Real Soul

 

Yesterday, I was a bystander to a conversation about whether or not animals have souls but I couldn’t remain a bystander for long.

“Of course animals don’t have souls,” my friend said.

“Define a soul,” I said jumping in.

“It’s the other part of a person after you take out the corporeal of the body and the mind. You can’t see it.”

“So, how can you prove that animals don’t have souls?”

“I can’t. It’s just what I believe. Only people have souls.”

This guy, in almost all other ways, is a scientist except for a few areas where religion takes over and logic no longer applies. We once had a conversation regarding the age of the Earth. It was, well, interesting.

“How do you know that animals do have souls, then?” he asked. Ooh. That was a good question.

“Well, if my old dog were to appear in front of me in any form, I would recognize her.”

“But that comes from its actions, from its mind,” he said.

“Yeah, like in the book, A Dog’s Purpose,” someone else said. I guess I wasn’t so original as I thought.

“And if there’s a heaven and dogs and cats are excluded, I have no interest in being there,” I added.

And that was my second unoriginal thought for the day. I forget where I first heard this one. It wasn’t scientific. How could a person be scientific with concepts like this one?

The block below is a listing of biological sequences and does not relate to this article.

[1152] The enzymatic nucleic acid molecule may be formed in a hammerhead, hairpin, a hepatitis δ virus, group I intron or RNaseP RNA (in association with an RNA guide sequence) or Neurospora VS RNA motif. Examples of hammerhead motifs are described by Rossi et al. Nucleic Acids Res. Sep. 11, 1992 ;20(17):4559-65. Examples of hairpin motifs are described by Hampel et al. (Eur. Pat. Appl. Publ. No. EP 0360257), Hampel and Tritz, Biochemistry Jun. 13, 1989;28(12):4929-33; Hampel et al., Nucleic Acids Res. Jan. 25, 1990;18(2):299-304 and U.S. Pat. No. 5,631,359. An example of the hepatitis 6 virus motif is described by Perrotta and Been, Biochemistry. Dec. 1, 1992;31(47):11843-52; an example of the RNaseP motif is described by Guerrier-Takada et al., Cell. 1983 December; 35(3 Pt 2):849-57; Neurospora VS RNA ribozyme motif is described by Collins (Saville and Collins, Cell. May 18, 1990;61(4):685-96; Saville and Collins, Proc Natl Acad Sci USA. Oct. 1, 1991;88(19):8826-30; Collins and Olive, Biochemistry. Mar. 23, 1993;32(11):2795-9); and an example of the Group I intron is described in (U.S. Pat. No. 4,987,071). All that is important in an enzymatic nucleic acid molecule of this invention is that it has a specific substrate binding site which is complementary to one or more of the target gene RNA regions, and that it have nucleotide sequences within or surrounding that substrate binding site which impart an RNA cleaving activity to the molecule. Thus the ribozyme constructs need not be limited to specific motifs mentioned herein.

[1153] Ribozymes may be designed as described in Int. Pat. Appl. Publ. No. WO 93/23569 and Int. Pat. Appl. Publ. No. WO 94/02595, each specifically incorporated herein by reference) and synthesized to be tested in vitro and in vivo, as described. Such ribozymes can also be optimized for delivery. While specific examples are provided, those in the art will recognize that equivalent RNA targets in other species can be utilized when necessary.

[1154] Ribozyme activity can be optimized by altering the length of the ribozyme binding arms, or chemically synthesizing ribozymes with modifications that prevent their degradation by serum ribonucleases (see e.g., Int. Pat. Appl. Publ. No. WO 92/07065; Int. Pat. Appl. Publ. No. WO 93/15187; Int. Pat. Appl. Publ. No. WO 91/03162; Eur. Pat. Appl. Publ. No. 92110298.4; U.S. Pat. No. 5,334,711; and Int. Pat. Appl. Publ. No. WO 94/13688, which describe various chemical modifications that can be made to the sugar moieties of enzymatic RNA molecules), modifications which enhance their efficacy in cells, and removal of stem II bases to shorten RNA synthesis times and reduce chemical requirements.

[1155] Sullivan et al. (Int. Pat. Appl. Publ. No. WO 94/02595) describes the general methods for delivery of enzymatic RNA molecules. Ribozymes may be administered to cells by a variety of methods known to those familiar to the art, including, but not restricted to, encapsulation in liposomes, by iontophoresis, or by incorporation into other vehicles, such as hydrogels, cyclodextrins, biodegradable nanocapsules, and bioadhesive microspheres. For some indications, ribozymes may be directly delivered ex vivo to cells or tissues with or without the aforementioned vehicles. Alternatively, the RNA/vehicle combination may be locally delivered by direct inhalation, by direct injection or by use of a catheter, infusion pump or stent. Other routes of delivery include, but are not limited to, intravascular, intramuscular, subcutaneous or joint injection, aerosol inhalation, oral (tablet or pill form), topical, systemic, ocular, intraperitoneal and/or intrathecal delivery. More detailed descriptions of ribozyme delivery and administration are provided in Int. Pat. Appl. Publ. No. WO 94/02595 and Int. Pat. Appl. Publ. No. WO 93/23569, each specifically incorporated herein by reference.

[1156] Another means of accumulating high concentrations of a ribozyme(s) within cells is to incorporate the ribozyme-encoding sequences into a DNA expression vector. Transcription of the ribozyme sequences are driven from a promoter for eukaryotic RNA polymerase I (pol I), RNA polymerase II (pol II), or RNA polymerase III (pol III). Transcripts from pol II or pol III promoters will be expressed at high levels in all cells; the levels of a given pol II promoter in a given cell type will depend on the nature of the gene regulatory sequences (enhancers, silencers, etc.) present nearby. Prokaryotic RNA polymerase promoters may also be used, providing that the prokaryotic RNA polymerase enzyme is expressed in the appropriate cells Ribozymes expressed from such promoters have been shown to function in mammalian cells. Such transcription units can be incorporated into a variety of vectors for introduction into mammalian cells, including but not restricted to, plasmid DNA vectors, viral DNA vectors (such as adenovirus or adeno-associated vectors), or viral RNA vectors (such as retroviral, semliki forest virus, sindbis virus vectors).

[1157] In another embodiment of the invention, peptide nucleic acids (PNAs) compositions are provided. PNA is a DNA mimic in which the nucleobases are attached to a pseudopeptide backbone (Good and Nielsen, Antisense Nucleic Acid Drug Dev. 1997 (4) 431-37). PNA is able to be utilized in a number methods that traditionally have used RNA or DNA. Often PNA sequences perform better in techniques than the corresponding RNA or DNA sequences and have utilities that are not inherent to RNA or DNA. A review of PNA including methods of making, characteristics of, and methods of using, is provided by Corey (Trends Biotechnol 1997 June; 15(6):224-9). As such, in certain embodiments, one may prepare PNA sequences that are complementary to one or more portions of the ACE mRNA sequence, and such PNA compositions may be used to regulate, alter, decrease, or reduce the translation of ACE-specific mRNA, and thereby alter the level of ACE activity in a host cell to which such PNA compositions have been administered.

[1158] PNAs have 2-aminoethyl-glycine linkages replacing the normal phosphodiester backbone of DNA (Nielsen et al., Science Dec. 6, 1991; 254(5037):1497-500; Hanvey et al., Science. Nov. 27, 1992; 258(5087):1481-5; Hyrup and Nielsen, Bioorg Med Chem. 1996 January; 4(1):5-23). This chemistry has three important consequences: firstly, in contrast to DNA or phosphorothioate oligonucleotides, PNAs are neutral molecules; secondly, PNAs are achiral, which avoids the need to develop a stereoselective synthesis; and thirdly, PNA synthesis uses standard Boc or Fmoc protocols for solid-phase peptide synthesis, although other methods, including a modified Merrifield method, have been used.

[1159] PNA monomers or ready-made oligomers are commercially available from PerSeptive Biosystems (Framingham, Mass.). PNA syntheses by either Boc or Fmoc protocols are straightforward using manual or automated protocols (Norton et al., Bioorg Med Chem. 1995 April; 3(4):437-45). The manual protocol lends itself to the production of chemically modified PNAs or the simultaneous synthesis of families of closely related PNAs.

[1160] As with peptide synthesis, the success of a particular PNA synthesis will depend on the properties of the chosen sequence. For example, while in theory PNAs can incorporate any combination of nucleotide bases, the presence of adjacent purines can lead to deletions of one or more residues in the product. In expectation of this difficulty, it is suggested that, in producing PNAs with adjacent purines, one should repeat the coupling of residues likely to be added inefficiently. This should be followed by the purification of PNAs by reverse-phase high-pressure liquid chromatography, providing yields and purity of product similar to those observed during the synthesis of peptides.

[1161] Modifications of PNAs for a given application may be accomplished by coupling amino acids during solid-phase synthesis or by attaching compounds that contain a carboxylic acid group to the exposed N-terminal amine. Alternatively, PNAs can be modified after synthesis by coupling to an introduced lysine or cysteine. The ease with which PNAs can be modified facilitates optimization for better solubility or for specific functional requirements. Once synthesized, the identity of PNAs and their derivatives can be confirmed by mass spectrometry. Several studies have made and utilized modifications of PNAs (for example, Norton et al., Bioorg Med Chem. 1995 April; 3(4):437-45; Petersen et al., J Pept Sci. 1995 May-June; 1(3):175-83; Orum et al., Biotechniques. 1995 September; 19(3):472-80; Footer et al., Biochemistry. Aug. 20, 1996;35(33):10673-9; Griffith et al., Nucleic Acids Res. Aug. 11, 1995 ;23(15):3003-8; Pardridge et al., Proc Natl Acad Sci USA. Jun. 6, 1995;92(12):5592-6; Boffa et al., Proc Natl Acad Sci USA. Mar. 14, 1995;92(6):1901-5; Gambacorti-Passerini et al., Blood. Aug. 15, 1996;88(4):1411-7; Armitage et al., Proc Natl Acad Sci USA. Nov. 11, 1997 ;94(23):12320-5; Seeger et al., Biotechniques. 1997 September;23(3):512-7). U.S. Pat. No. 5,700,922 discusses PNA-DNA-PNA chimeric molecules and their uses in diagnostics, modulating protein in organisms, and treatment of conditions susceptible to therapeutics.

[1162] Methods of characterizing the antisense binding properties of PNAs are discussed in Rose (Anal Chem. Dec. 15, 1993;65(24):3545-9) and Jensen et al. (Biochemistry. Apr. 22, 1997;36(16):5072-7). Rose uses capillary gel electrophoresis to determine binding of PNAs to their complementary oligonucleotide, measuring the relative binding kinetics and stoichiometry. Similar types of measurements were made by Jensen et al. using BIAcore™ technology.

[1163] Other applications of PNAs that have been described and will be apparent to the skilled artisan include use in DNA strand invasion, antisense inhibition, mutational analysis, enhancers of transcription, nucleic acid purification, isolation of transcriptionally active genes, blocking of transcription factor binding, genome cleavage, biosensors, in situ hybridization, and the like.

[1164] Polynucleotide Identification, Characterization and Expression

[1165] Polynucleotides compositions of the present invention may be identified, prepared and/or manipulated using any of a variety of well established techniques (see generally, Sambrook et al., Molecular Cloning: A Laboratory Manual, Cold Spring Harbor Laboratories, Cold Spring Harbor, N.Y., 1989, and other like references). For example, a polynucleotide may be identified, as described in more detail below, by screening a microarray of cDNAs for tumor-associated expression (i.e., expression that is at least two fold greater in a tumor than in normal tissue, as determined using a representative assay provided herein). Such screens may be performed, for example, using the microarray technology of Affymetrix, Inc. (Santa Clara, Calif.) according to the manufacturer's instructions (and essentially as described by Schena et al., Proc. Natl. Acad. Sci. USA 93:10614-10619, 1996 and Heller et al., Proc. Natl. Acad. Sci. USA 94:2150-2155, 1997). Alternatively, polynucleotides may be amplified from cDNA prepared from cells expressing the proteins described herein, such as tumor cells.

Ultimately, I can’t prove that animals have souls. I can’t actually prove that I have one. What I think of as my soul could be a result of a chemical stew inside my brain. Serotonin, dopamine, and other enzymes facilitate chemical reactions that produce an electrical spark that travels through my synapses to give me thought and action. The concept of a soul is old, permeates all cultures. But can I prove that I have one?

In fact, all of you could be a figment of my imagination. I remember reading about solipsism late in the the night back when I was a teenager. It felt bizarre. High school wasn’t real. None of my friends were real. My house, my bedroom, my bed, the cat, none of them were real. Wouldn’t that be a sad state of being? It felt like an episode of The Twilight Zone.

“Ultimately, I can’t prove that animals or anyone has a soul,” I told my friend.

Do you ever continue a conversation long after it has ended? Is that just me?

Now, I want to tell him more. I want to tell my friend that when I add other souls to the mix, when I add my dog’s soul to my equation of how the universe works, when I add souls for whales and finches and trees and even the Earth herself, it becomes a richer and more interesting place for me, not a poorer one. And that makes it worth believing even if I can’t prove a single thing.

Thank you for being real, jules

 
 
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